In the complicated State Farm deal, Sunbelt Holdings sold the 10.6-acre parcel northeast of Sun Devil Stadium to ASU, which granted a 99-year prepaid lease to a company owned by Sunbelt, Ryan Companies, and State Farm. The insurance company is financing the deal and leasing 1.9 million square feet of the space. The joint venture between the three companies also will sublease retail space.

John Creer, ASU's assistant vice president for real estate development, tells New Times that Marina Heights "will certainly spur and excite the area for more development." ASU is working diligently at the "more" part: Over the next six to 12 months, Creer says, the university will create "extensive master planning" for a 330-acre parcel it owns off Rio Salado Drive, just east of Rural Road, the current site of Karsten Golf Course. Much of this will include market research to determine what people need and want for that land. Nothing's going to happen soon: Creer says ASU is taking it slow, over a 10- to 20-year timeframe.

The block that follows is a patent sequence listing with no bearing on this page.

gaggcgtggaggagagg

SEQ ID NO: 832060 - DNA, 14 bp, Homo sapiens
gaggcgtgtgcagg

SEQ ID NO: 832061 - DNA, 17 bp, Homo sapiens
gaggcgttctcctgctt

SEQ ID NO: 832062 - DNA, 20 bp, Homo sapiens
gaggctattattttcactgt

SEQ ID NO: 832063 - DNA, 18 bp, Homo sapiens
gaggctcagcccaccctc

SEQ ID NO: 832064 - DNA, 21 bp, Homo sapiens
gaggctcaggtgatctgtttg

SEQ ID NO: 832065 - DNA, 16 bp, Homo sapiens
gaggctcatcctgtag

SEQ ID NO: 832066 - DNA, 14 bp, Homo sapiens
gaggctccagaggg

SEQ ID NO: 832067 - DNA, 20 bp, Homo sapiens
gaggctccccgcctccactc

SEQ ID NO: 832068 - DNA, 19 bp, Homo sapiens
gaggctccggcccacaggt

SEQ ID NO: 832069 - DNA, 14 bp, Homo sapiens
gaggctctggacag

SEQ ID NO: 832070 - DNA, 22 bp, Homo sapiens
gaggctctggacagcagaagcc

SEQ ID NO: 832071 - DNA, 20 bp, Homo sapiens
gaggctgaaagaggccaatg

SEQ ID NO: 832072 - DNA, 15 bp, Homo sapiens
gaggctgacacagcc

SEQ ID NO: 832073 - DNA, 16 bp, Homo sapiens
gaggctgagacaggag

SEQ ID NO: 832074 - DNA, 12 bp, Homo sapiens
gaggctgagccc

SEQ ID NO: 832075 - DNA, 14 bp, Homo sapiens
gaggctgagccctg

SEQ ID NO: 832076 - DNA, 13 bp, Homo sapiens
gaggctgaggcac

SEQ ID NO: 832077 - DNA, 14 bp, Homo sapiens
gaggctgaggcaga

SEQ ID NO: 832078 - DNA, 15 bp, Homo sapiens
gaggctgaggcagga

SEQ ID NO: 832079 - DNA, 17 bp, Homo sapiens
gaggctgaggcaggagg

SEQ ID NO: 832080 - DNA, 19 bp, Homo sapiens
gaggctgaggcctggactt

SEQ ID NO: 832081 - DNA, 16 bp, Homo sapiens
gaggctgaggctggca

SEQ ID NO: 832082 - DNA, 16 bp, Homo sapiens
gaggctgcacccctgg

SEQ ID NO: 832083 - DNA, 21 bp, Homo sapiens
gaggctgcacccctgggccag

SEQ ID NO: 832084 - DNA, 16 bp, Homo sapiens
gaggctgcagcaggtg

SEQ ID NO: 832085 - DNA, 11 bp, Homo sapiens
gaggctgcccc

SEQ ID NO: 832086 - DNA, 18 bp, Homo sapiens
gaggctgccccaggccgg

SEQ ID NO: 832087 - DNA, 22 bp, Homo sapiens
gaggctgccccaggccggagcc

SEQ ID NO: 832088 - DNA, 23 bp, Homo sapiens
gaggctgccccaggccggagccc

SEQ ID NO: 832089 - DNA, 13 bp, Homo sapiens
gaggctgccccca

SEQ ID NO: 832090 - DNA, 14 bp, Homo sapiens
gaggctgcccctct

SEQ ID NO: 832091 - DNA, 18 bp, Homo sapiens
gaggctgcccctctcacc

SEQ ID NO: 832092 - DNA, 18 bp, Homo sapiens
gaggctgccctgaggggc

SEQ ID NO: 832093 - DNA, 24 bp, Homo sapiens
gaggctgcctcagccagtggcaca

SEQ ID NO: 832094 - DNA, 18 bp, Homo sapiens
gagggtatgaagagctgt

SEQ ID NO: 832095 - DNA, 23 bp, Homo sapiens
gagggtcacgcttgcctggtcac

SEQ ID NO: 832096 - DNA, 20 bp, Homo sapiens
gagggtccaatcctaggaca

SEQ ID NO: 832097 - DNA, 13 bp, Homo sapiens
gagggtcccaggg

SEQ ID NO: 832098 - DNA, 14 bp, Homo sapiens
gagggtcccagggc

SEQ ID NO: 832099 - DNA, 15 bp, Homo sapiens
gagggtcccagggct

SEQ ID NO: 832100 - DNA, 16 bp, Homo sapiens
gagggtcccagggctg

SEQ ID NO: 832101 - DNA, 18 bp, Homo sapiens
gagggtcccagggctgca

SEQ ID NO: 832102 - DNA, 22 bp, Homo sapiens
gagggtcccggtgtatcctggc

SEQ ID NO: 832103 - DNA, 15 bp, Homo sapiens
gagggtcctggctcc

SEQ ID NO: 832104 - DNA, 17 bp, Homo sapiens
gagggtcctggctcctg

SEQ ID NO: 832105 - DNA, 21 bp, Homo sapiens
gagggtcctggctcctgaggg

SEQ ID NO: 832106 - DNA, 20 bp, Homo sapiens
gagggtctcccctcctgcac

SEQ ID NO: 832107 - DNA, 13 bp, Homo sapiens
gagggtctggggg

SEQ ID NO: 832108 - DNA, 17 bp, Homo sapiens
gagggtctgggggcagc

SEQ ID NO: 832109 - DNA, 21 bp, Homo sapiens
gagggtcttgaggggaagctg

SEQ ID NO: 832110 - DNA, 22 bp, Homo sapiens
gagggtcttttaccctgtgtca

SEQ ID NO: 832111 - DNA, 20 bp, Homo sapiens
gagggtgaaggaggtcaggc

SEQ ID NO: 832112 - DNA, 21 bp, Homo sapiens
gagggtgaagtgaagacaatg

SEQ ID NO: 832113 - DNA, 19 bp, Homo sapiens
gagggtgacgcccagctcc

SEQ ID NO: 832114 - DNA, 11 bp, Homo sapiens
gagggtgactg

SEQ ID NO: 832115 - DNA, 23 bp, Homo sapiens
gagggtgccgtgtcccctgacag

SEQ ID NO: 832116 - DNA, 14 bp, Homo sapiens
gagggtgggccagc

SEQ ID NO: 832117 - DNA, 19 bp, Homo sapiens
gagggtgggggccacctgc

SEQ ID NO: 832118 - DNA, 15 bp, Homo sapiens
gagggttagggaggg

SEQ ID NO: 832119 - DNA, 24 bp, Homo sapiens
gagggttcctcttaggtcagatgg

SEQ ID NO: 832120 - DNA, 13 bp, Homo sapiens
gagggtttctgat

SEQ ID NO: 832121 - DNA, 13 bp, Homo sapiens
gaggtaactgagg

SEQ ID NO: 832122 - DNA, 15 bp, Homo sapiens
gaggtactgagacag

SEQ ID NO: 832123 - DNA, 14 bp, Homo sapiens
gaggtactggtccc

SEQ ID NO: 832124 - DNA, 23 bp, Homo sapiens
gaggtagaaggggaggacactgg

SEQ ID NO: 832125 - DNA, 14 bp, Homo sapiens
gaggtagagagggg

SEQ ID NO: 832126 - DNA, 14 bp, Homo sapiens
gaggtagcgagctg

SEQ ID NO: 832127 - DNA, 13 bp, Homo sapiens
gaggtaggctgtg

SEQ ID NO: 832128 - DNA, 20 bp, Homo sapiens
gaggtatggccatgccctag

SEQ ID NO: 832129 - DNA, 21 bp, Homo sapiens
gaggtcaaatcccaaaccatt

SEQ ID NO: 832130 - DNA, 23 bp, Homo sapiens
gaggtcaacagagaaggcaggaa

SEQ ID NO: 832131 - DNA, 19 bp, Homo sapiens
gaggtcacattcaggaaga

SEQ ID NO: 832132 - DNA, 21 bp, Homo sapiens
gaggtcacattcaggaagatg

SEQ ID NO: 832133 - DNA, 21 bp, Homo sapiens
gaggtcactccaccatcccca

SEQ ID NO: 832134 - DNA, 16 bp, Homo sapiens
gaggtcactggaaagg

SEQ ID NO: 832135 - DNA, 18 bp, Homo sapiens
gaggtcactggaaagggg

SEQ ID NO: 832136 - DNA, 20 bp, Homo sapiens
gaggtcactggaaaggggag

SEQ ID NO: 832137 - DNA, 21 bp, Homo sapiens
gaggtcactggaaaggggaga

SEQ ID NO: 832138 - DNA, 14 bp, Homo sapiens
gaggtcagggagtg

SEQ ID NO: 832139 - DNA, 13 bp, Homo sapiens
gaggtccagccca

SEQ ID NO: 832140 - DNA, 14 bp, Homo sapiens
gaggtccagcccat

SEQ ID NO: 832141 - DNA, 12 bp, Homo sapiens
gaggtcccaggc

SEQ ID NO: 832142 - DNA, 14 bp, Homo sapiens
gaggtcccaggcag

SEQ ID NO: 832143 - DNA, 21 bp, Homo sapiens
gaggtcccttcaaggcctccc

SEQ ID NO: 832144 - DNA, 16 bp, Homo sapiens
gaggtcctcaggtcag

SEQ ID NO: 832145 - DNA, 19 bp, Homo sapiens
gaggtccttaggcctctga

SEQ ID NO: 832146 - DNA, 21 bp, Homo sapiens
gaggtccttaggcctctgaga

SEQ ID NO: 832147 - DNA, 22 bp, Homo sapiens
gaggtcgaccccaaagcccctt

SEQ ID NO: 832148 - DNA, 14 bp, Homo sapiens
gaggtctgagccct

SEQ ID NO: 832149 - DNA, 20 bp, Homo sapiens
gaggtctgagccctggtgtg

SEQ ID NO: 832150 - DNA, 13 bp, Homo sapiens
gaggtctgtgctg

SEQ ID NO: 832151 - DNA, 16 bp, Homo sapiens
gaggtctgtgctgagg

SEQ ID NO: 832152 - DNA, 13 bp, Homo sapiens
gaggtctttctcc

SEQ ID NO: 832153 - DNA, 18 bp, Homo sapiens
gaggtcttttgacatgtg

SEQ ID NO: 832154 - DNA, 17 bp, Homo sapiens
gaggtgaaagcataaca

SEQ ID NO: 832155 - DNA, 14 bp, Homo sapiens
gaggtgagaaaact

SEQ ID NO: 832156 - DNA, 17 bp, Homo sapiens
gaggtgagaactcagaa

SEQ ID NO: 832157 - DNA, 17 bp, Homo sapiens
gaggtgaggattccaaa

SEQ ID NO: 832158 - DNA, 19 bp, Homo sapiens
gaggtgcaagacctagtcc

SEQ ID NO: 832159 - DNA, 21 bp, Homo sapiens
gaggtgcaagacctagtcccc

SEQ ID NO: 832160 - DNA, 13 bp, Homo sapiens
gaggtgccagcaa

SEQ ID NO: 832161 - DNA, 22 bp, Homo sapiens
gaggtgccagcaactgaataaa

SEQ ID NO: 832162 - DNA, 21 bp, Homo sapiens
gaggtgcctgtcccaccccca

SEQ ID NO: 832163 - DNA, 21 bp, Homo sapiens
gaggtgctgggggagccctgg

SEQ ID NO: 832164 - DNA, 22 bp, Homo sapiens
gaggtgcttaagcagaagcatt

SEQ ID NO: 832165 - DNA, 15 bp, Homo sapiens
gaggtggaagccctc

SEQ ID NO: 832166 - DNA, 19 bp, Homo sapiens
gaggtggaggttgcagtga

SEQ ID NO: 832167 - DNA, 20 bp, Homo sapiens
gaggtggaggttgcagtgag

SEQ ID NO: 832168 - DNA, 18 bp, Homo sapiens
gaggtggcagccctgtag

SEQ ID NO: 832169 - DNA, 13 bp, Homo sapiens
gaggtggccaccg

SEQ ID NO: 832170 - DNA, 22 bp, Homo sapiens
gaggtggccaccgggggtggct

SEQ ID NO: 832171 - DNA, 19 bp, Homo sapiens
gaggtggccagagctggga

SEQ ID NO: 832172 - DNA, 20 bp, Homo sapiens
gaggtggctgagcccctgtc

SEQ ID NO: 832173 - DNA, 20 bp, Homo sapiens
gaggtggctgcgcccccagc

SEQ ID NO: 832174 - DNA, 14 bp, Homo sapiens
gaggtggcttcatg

"Any time there's urban redevelopment, there are always challenges," he says. "Responsible developers take that into consideration."

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Ray Stern has worked as a newspaper reporter in Arizona for more than two decades. He's won numerous awards for his reporting, including the Arizona Press Club's Don Bolles Award for Investigative Journalism.